Author Archives: annebuist

About annebuist

Anne Buist is the Chair of Women’s Mental Health at the University of Melbourne and has over 25 years clinical and research experience in perinatal psychiatry. She works with Protective Services and the legal system in cases of abuse, kidnapping, infanticide and murder. Medea’s Curse is her first mainstream psychological thriller. Professor Buist is married to novelist Graeme Simsion and has two children.

Parenting Assessments – Where Mental Illness meets Protective Services

As my work as a psychiatrist often inspires my books perhaps it’s not so surprising I’m talking next Tuesday for the Mental Health Foundation on the above topic – which is something my heroine Natalie King deals with in This … Continue reading

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What I was Reading…

Check it out at Meanjin here

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True Crime Podcasts—Why are We Addicted?

It started with Serial—someone suggested I listen and within ten minutes I was addicted. I knew people listened to podcasts and thought I didn’t have the time…since then, I’ve found plenty; every time I’m driving alone, and they have replaced … Continue reading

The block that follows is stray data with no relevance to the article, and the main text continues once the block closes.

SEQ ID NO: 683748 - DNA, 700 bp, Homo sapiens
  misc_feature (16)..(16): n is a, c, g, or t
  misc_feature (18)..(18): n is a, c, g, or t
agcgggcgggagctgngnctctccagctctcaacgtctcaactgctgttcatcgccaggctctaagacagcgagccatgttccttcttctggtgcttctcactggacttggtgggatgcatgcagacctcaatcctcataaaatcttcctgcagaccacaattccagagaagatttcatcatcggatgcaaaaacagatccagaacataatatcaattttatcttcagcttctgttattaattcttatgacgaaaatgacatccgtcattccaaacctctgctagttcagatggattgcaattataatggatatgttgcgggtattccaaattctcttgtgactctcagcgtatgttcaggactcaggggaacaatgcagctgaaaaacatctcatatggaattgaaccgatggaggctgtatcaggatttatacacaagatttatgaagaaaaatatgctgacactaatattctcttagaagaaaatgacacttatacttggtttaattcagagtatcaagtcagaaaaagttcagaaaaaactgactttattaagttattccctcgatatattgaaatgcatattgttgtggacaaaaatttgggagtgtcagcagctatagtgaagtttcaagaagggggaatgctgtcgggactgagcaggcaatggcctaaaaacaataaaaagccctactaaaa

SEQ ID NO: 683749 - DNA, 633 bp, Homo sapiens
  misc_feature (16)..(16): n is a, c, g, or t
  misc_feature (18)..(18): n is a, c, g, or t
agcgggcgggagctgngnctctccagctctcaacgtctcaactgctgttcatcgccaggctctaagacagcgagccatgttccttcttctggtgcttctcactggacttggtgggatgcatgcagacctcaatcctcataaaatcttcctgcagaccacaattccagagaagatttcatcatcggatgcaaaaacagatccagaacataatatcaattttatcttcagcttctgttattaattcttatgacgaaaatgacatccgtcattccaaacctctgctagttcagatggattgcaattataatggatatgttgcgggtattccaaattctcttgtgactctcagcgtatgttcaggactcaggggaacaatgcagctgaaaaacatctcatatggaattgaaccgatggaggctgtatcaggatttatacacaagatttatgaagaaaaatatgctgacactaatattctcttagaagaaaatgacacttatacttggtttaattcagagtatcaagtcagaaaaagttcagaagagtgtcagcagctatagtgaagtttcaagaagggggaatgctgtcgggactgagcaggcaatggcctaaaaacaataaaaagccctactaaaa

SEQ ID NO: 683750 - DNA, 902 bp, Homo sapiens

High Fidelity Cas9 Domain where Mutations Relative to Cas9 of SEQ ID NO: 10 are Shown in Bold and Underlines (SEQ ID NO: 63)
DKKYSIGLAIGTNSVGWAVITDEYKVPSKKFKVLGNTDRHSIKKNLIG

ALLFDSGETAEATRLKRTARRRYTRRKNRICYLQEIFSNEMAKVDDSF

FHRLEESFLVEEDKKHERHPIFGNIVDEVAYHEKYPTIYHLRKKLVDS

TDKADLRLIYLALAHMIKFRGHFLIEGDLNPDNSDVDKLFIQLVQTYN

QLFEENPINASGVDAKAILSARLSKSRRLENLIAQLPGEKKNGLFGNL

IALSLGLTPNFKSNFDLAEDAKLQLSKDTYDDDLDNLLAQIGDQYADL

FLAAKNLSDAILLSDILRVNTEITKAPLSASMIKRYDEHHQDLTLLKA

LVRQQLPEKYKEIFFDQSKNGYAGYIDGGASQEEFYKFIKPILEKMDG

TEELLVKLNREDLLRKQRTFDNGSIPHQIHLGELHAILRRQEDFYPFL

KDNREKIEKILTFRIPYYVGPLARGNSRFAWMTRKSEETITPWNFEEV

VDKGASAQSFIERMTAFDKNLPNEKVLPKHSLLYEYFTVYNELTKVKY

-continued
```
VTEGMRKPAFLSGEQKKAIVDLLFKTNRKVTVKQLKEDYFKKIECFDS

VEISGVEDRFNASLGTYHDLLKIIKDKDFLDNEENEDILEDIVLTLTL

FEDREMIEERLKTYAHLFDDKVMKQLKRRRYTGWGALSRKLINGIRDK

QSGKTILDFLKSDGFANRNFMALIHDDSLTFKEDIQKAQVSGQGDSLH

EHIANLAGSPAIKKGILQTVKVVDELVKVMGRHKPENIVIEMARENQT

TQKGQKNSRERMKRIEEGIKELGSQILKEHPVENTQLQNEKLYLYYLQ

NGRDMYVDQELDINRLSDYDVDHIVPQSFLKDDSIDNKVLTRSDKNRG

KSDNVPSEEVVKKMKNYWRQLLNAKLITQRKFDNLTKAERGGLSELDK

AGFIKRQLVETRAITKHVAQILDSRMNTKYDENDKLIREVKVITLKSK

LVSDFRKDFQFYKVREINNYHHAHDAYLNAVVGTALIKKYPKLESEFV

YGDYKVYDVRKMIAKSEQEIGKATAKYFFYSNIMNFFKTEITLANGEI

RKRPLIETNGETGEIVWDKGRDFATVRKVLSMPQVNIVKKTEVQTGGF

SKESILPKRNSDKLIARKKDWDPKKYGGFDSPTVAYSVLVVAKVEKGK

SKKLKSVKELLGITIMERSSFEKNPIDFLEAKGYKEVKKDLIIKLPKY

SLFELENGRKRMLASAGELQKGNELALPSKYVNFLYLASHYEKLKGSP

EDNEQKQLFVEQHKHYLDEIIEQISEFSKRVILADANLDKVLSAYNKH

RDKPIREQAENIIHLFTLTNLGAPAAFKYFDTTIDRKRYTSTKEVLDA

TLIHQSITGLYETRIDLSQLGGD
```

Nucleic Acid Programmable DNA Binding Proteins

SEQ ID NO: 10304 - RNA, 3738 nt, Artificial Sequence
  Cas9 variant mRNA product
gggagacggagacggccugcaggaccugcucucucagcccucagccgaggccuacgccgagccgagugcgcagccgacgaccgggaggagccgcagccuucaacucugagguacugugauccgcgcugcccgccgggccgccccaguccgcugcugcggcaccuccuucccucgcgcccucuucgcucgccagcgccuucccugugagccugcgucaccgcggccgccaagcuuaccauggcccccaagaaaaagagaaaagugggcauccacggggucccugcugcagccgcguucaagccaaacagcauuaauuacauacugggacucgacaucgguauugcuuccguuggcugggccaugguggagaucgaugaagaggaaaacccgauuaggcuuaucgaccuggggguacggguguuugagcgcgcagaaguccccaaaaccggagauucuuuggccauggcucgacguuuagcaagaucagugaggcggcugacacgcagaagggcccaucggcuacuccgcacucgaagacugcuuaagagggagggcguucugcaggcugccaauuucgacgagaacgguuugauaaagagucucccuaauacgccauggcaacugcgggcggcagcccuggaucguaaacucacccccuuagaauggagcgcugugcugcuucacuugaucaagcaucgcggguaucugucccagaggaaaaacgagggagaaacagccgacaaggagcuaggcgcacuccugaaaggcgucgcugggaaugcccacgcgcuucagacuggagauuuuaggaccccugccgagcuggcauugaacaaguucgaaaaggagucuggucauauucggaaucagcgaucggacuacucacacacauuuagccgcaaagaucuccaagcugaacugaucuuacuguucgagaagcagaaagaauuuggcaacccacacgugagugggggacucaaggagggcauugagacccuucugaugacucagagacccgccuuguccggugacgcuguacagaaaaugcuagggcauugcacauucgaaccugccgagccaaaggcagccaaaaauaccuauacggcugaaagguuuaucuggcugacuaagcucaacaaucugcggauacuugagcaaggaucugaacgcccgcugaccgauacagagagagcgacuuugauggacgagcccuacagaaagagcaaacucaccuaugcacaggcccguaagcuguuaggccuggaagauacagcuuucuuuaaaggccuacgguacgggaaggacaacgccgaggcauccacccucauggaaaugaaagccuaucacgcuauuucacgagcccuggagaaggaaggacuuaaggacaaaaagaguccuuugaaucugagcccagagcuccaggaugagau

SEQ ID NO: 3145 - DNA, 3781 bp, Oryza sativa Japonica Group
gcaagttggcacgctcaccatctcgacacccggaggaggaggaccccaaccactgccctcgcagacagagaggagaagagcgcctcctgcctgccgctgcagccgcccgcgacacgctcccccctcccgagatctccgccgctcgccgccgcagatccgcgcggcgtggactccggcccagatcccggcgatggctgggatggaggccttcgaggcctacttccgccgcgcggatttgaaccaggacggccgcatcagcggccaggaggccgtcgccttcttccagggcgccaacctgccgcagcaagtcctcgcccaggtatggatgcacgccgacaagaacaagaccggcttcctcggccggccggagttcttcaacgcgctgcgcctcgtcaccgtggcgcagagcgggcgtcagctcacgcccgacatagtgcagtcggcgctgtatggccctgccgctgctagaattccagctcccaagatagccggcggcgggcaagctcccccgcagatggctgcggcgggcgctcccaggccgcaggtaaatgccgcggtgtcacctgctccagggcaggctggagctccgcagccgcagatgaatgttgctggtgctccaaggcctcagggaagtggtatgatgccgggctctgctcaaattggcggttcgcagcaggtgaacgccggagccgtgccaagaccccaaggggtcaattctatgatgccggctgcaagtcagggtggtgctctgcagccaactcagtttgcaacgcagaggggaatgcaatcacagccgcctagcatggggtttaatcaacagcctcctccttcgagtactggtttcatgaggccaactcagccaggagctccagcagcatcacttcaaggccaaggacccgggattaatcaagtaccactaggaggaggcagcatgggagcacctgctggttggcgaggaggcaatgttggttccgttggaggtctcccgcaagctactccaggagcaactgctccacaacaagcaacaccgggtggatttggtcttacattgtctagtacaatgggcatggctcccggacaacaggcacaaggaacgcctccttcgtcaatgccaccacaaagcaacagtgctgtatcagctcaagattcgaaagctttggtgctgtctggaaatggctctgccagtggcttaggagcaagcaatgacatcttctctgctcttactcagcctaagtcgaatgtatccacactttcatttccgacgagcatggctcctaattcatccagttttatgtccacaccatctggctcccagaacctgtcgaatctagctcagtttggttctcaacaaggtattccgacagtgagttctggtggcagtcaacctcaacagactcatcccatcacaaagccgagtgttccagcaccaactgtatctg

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Getting to Know Yourself on a Greek Island

When I first embarked on training to be a psychiatrist I was on the verge of throwing away my medical training and returning to university to do an Arts course, and follow my passion to be a writer. I had … Continue reading

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Lessons in Learning

What I loved first perinatal psychiatry and now love about writing, is that no matter how much you know (or think you know…), there is always so much more to learn. On the face of it, this is daunting. So, … Continue reading

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Do Lead Characters Need to be Like-able in Crime Books?

The New Yorker published an article (May 16 2013) that in the title posed the question ‘would you want to be friends with Humbert Humbert?’ (in case you haven’t read Lolita, the answer is no), and talked about reader’s resistance … Continue reading

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Which Walk in 2018?

The first incantation of our book out late last year, Two Steps Forward was called Walk to the Stars, referencing the meaning of ‘Compostela’ in the Camino’s destination, Santiago de Compostela, that stretched ahead of us for 87 days, over two … Continue reading

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